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Regular Expressions Extract Matches

So far, you have only been checking if a pattern exists or not within a string. You can also extract the actual matches you found with the .match() method.

To use the .match() method, apply the method on a string and pass in the regex inside the parentheses.

Here’s an example:

"Hello, World!".match(/Hello/);
let ourStr = "Regular expressions";
let ourRegex = /expressions/;
ourStr.match(ourRegex);

Here the first match would return ["Hello"] and the second would return ["expressions"].

Note that the .match syntax is the “opposite” of the .test method you have been using thus far:

'string'.match(/regex/);
/regex/.test('string');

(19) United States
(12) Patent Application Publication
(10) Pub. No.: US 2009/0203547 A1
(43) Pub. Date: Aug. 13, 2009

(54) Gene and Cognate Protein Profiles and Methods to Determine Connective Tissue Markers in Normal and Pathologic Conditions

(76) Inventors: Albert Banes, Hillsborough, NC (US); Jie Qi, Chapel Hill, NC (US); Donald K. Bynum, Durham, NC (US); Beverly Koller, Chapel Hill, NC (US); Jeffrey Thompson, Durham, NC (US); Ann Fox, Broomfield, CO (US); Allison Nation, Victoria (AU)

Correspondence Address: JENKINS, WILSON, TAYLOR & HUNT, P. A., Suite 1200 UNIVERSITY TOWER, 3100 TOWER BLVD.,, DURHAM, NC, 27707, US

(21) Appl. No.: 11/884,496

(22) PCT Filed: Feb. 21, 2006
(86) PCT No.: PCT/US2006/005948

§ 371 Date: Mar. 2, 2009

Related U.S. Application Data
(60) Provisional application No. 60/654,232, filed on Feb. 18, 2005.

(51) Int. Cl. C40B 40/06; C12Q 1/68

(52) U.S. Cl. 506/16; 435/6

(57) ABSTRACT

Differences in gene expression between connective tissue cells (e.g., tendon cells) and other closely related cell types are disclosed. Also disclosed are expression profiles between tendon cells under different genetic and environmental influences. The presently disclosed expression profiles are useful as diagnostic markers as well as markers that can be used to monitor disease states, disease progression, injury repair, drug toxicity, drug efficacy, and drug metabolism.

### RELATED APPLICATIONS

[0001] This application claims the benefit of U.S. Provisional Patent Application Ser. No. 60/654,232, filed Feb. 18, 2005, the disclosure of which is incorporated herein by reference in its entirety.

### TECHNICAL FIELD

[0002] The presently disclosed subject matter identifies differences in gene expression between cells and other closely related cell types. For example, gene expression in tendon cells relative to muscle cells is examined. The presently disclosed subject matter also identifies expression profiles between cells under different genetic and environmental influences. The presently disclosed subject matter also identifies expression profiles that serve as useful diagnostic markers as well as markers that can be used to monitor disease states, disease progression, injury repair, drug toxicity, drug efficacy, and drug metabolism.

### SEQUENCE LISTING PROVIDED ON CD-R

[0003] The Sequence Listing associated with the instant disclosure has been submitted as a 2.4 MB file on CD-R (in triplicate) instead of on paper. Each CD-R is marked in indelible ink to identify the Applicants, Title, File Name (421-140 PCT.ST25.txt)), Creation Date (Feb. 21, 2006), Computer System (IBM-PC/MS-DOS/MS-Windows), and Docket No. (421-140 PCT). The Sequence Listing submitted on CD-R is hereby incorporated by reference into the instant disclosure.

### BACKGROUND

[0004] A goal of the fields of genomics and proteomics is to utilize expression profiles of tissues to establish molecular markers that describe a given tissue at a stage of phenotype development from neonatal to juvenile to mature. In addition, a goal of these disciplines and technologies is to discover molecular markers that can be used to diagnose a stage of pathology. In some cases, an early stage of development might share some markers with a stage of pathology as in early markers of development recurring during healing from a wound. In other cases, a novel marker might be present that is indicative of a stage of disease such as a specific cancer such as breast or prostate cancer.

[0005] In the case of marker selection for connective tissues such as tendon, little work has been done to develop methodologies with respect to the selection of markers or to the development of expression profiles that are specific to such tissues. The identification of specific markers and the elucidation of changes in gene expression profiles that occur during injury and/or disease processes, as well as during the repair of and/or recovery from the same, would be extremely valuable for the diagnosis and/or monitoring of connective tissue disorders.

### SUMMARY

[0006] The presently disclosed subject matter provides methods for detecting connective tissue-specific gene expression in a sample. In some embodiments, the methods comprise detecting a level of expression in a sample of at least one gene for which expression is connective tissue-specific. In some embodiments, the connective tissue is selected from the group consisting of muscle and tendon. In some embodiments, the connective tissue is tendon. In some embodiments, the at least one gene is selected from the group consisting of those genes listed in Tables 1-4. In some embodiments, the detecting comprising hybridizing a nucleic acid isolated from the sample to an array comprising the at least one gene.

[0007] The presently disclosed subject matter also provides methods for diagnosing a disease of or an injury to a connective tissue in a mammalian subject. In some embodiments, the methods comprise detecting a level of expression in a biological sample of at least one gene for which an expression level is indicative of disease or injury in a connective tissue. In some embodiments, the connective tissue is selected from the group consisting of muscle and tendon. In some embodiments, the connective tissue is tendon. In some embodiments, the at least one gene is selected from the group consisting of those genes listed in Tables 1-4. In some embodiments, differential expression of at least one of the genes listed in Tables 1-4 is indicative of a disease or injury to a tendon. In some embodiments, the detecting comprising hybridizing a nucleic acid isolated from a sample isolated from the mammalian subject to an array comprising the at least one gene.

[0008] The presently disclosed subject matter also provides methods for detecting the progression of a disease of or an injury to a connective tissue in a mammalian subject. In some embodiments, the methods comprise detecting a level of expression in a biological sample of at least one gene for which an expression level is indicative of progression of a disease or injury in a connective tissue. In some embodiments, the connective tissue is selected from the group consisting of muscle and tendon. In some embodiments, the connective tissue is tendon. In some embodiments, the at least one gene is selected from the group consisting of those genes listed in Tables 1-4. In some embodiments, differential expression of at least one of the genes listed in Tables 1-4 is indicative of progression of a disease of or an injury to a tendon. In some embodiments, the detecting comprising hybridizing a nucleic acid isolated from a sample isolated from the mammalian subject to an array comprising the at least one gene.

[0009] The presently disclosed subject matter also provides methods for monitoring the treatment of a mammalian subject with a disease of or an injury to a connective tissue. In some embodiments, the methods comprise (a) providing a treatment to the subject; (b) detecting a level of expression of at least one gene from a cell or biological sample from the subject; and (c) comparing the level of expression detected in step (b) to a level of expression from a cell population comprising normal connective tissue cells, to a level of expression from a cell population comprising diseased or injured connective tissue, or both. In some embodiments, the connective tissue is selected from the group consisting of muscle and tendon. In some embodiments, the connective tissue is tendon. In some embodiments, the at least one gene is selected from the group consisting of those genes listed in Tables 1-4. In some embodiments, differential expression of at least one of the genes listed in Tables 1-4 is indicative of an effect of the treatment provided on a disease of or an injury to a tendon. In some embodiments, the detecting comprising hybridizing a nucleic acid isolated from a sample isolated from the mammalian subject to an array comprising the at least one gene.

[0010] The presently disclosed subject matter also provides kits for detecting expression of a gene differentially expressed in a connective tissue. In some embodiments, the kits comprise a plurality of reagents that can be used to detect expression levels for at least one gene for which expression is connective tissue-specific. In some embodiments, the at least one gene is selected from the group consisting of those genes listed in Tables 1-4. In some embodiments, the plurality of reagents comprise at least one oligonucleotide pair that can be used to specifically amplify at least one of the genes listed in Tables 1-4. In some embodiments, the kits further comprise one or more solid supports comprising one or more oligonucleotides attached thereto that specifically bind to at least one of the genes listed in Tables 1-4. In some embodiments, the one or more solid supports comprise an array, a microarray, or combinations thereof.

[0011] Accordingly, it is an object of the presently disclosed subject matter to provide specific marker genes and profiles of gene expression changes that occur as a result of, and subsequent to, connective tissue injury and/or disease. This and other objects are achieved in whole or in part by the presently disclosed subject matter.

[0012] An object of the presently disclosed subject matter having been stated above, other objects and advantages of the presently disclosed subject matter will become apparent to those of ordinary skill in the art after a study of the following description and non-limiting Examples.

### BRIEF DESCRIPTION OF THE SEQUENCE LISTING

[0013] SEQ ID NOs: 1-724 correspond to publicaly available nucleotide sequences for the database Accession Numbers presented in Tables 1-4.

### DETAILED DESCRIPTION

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Matt is the author of five Apress books including Learn RStudio IDE, Quick, Effective, and Productive Data Science, Objective-C Recipes, Swift Quick Syntax Reference, Objective-C Quick Reference, and the upcoming Pro Data Visualization with R and JavaScript. He has over 20 years of experience in technology, psychometrics, and data analytics working in major higher education institutions such as The College Board and Educational Testing Service. He has earned a Master’s degree in Information Systems Management and a Bachelor’s degree in Quantitative Psychology.